Creating Natural Patterns
Interesting patterns can also be created by applying leaves or flowers directly to the egg before boiling. Start with raw eggs and place the leaves directly against the egg. Hold them in position with a layer of cheese cloth tied tightly around the egg. Boil them for 10 to 12 minutes. Drain the eggs and allow them to cool. Remove the cheesecloth and leaves to reveal your natural patterned eggs.
- Fill a small bowl or cup half full with white vinegar. Dip hard-boiled eggs into the vinegar, turning it to coat the egg.
- Place the colander or egg carton on several layers of newspaper to absorb spills.
- Drop food coloring onto the egg, letting the colors run together as desired. For best results, start with lighter colors.
- Use a toothpick or small brush to move the color around on the egg as desired. Kids might enjoy blowing the drops of color around with a well-aimed straw. You don’t have to cover the entire egg, leave a little white space.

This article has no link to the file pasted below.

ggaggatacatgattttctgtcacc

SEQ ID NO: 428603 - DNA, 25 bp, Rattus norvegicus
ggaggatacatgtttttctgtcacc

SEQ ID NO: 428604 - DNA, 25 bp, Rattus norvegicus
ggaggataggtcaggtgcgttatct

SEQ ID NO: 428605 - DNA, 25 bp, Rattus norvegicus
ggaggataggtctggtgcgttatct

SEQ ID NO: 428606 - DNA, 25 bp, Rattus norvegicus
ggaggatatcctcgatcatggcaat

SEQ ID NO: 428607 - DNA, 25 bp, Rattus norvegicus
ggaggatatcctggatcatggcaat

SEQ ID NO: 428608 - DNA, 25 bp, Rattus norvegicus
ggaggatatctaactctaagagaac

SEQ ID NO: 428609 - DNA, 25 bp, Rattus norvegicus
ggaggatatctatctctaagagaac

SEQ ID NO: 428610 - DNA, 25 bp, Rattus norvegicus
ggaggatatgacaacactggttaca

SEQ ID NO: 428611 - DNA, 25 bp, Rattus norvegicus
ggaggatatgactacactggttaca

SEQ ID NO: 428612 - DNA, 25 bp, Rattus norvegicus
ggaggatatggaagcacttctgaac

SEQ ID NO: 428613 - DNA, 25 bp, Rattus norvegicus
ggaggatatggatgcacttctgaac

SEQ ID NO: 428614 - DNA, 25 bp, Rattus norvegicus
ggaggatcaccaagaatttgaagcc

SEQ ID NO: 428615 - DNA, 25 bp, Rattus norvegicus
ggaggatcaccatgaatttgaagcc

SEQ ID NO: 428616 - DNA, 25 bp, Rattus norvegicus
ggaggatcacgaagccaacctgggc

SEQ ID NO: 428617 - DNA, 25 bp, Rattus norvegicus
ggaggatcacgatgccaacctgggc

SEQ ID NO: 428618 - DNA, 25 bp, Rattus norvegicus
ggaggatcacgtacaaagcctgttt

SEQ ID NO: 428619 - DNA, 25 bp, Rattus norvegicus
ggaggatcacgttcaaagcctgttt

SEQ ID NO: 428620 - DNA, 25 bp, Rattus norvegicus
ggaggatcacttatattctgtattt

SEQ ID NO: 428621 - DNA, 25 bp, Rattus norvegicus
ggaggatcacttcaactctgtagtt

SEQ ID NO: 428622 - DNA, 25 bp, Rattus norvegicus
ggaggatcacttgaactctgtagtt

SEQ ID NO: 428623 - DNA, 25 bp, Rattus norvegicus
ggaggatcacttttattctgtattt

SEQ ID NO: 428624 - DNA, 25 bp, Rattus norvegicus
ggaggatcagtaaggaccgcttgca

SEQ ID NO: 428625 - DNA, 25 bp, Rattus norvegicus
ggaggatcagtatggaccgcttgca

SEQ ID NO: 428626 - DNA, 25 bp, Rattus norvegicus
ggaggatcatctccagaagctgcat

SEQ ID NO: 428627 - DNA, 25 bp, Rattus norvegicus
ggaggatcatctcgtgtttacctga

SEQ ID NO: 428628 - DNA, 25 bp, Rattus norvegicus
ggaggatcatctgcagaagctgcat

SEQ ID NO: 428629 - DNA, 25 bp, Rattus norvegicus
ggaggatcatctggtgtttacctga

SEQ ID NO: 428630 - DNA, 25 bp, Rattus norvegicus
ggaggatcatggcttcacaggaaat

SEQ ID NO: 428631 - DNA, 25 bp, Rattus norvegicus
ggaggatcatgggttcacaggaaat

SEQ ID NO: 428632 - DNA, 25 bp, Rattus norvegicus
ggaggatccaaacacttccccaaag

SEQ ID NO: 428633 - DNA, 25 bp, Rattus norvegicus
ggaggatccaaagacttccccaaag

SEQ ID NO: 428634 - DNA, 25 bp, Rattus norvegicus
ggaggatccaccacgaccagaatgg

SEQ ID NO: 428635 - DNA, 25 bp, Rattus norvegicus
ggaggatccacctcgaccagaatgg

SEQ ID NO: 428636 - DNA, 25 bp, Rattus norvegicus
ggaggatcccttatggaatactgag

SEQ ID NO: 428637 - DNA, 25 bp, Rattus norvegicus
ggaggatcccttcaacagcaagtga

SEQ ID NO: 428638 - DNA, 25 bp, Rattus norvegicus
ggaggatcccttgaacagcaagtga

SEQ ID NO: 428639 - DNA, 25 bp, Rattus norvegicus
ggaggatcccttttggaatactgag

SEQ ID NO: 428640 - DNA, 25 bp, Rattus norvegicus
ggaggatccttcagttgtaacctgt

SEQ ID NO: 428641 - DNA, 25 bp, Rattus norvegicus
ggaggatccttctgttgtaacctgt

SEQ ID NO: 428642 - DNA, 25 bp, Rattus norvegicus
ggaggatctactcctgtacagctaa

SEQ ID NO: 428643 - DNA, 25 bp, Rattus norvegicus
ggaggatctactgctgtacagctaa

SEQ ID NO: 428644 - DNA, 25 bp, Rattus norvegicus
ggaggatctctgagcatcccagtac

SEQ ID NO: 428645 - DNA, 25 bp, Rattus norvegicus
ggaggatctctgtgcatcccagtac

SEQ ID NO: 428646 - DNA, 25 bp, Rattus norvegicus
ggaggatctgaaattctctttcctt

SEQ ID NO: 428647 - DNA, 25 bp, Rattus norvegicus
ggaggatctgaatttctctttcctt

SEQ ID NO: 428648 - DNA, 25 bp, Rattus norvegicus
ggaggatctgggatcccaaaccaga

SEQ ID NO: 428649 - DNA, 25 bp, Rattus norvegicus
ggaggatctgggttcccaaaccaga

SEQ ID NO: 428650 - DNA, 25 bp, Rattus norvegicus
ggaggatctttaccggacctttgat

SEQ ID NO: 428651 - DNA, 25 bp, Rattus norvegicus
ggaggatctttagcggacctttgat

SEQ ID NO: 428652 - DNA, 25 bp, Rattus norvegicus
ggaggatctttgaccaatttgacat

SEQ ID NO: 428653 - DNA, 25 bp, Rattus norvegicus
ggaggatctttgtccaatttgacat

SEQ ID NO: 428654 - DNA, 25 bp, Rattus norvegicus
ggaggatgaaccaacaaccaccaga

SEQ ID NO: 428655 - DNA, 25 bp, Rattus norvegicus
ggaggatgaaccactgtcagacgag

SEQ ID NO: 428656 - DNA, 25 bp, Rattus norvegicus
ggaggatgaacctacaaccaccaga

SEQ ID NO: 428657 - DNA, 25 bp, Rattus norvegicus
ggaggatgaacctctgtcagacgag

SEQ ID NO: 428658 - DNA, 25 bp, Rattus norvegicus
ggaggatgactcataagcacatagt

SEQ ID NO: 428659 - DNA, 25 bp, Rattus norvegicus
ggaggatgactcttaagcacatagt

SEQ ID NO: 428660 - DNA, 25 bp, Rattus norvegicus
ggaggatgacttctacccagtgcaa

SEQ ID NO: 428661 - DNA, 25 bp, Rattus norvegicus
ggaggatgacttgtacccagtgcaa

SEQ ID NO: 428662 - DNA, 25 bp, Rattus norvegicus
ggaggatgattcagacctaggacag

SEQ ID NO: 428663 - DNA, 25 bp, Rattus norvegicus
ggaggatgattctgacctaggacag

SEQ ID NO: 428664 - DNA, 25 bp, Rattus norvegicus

- Let each color set for a minute before adding the next color, then let the eggs dry before handling them. You can rinse off extra color or blot it off with a paper towel.
- Gently rinse the excess dye off of the eggs and place them on a paper towel to air dry.
This macaroni salad ring recipe is an old-fashioned molded salad.
1 package elbow macaroni
2 Tablespoons salad oil
2 Tablespoons cider vinegar
½ teaspoon seasoned salt
¼ teaspoon pepper
¼ teaspoon dry mustard
1 tablespoon grated white onion
2 hard boiled eggs, chopped
¼ cup grated carrot
1 cup mayonnaise or salad dressing
1 cup celery, chopped or sliced thin
1 pimento, chopped (optional)
Cook macaroni in boiling salted water according to package directions until tender Drain and put into a large bowl.
Mix salad oil, vinegar, seasoned salt and macaroni. Toss to coat well, then add remaining ingredients and mix well.
Spoon into a 5 cup ring mold, pack down well with back of spoon.
Cover and chill at least 2 hours.